Scholars Tackle Both Sides of an Argument at Debate Competition

November 6, 2013

The Zoetics

By Jordan Hines

A consistent fear in society is public speaking. However, a few brave ASK scholars took on the challenge of not only presenting in front of others, but debating both sides of a controversial topic at last month’s debate.

In late October, three students, brothers Zach and Nick Mead, and Justice Gonzales went to the speech and debate competition at East Mountain High School. In the competition there are many categories in which people can participate, including various speeches like humorous interpretations and speaking about foreign and domestic politics, and of course a few variations on debates.

All three scholars took part in the Lincoln Douglas debates, where they are given a topic to discuss a couple of weeks ahead of time to research. This debate has seven components to it, that first has the affirmative present its case. Then the negative cross examines after which they present their case and refute the affirmative’s case. The affirmative then cross examines and gives a rebuttal. Finally the both sides rebute a last time and summarize.

Gonzales, a freshman scholar who participated in the novice LD Debate, had to debate about civil disobedience and whether it is morally justified in democracy. Having known the topic about a month ahead of time, he had to prepare for both the affirmative and negative argument. In typical debate fashion, it wasn’t until moments before he was set to debate that he was told which side he would debate for. Over three rounds he was affirmative once and negative twice.

“I didn’t really do that well, but I learned a lot,” Gonzales stated. “I need to learn how to ask smarter questions.” He said being asked questions on the spot was “pretty nerve-racking” for him.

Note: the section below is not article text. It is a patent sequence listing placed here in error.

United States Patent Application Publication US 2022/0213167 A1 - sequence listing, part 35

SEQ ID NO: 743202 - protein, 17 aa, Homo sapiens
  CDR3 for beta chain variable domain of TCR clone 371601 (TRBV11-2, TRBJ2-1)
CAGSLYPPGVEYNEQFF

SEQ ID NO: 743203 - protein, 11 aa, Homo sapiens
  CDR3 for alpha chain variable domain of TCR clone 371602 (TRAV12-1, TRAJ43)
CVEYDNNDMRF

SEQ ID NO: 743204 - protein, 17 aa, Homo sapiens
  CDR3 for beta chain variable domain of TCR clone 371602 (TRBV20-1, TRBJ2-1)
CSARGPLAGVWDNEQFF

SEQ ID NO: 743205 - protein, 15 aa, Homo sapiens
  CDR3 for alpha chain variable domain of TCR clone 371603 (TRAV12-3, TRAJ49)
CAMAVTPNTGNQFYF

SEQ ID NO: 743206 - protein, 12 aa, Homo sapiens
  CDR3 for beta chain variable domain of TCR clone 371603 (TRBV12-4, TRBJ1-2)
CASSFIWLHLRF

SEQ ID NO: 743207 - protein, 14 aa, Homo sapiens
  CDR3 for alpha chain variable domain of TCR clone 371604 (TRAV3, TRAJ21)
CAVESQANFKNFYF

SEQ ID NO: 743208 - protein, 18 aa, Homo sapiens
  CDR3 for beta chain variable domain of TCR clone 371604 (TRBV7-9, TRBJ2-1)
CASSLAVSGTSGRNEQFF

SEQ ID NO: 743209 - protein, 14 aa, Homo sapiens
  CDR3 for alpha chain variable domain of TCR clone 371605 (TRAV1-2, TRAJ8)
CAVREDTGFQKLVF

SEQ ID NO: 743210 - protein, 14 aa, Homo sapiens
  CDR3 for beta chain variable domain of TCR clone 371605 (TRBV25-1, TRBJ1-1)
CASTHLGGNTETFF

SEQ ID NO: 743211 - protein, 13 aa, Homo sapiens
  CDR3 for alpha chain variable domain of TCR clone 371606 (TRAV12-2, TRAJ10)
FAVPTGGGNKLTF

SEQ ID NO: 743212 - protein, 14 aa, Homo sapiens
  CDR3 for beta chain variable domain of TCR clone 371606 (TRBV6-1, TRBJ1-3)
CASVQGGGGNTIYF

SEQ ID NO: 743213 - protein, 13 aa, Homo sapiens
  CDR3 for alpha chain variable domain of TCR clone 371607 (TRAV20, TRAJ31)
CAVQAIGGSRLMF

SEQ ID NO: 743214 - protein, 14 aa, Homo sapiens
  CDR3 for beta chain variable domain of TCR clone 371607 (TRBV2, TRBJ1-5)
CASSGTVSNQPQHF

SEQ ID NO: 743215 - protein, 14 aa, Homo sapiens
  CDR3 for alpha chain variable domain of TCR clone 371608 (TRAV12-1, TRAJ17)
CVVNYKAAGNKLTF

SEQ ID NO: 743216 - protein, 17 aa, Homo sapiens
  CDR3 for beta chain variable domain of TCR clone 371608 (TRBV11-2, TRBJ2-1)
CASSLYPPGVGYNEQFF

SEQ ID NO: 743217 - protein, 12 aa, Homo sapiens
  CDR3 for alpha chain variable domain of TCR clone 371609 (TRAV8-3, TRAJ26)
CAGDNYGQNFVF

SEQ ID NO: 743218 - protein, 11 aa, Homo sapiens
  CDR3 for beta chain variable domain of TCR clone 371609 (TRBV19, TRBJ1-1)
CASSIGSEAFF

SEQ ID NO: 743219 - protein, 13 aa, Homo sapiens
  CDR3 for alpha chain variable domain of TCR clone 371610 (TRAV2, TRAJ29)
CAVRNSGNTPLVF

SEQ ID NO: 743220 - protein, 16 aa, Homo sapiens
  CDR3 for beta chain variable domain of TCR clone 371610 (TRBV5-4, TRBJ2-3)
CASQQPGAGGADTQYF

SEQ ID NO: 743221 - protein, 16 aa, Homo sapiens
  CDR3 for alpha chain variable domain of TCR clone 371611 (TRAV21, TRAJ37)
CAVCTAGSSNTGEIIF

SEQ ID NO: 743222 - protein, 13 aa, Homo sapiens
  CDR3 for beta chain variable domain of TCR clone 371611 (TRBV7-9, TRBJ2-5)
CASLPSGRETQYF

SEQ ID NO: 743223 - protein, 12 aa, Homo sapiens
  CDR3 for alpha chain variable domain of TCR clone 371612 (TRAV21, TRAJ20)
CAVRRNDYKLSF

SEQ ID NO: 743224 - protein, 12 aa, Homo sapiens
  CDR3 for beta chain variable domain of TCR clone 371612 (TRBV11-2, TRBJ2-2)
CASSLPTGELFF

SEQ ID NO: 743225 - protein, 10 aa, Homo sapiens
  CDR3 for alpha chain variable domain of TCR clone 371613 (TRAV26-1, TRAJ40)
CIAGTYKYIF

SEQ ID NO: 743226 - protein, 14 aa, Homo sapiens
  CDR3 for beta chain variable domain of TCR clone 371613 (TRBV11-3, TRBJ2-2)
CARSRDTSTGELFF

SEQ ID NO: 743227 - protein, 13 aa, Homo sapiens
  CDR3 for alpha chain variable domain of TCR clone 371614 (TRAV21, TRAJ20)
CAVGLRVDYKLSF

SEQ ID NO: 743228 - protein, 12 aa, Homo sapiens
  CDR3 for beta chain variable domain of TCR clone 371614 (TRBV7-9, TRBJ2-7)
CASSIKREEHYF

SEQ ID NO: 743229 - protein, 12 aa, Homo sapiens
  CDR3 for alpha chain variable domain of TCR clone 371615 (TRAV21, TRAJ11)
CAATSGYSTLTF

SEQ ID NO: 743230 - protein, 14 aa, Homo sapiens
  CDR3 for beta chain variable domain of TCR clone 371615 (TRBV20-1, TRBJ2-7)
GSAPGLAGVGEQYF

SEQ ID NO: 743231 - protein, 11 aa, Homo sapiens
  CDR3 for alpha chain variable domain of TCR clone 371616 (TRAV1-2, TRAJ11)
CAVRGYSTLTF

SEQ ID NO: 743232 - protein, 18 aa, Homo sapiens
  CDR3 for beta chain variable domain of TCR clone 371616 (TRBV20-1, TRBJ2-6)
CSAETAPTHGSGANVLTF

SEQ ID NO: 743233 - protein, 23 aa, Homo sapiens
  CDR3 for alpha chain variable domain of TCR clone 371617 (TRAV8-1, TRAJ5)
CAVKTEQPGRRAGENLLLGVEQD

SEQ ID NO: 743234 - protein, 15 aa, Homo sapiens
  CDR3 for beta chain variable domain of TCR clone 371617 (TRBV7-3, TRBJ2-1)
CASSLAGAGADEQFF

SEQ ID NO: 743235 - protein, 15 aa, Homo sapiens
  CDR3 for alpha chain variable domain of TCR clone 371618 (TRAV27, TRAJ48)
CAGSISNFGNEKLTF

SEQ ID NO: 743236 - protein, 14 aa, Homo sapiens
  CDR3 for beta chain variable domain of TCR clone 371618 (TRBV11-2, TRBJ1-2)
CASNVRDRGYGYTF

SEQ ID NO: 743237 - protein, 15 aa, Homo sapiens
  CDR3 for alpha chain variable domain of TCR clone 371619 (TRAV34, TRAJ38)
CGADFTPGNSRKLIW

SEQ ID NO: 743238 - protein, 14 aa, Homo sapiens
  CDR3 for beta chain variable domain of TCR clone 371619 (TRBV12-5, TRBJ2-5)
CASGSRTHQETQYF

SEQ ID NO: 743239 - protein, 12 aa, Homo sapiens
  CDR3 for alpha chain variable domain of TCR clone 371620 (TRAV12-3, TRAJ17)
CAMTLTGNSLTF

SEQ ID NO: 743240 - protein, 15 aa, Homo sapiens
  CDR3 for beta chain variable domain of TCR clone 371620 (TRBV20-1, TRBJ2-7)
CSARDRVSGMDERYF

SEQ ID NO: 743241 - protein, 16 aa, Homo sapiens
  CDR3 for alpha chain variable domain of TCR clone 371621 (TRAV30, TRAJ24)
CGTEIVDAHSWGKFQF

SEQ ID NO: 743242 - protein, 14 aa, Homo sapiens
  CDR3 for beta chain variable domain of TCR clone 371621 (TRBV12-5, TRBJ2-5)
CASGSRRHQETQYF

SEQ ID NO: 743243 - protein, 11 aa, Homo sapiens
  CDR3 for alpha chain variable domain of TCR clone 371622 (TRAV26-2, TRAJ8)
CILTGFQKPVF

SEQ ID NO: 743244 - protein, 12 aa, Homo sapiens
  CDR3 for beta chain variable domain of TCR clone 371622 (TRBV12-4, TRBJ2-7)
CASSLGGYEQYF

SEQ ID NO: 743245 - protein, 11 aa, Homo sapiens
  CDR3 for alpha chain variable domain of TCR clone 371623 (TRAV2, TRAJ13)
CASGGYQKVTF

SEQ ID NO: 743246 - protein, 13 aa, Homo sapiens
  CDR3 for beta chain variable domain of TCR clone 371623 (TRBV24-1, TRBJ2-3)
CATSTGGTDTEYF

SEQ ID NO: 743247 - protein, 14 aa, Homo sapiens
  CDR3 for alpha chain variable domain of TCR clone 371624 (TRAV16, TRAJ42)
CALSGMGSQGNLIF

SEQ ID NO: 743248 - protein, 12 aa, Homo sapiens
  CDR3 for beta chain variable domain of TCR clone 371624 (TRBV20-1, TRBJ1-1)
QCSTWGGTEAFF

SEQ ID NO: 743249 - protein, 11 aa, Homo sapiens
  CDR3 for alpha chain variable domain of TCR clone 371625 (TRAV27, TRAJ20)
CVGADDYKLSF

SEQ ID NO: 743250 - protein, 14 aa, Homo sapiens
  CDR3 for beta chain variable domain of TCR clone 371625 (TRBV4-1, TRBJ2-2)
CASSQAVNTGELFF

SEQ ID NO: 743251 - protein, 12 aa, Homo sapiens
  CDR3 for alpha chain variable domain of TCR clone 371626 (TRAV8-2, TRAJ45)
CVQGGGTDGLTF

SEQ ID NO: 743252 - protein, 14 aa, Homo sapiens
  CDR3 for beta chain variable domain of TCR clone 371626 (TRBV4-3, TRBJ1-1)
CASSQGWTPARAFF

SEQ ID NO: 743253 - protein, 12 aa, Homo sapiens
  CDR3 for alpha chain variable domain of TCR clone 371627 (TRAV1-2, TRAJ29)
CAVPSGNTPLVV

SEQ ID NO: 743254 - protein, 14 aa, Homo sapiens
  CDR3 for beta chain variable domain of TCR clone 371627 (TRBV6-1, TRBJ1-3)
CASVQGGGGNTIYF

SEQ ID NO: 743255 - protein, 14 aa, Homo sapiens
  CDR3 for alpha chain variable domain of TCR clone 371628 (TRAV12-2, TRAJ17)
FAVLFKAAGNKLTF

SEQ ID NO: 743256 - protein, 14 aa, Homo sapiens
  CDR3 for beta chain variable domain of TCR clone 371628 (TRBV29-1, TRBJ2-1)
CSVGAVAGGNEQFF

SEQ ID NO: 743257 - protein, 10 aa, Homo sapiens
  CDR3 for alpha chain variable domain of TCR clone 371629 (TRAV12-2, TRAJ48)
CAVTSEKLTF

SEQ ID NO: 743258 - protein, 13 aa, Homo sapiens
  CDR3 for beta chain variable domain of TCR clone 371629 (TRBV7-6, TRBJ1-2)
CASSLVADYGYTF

Both Zach, a sophomore, and Nick, a junior, have participated in debates before. Because of this, they weren’t able to compete in novice debates. While this would not have been too bad, a Junior Varsity level was not available at this competition, so they had to compete at a Varsity level. “I kept going against people who were much better than me,” Nick admitted. “I didn’t win a single debate.” With a month and a half until his next debate Nick thinks he will become better at cross examination.

Aside from LD debate, Nick and Zach participated in Extemporaneous Speech. In this event they had 30 minutes to prepare a seven minute speech after a topic was picked randomly during a drawing.  Nick drew a topic about Iran and geopolitical power and nuclear weapons. His second topic was about Russia and geopolitical power as more nations join the EU.

“It was terrible,” he said. The most difficult part for him was that Internet usage was prohibited.

For anyone wanting to participate in debates Nick offers this advice: “Control your adrenaline. It’s like jumping off a bridge. It’s a similar rush.”

The ASK Academy Speech and Debate Team meets every Tuesday after school in Room 203. If interested, contact Nadyne Shimada at nshimada@theaskacademy.org.

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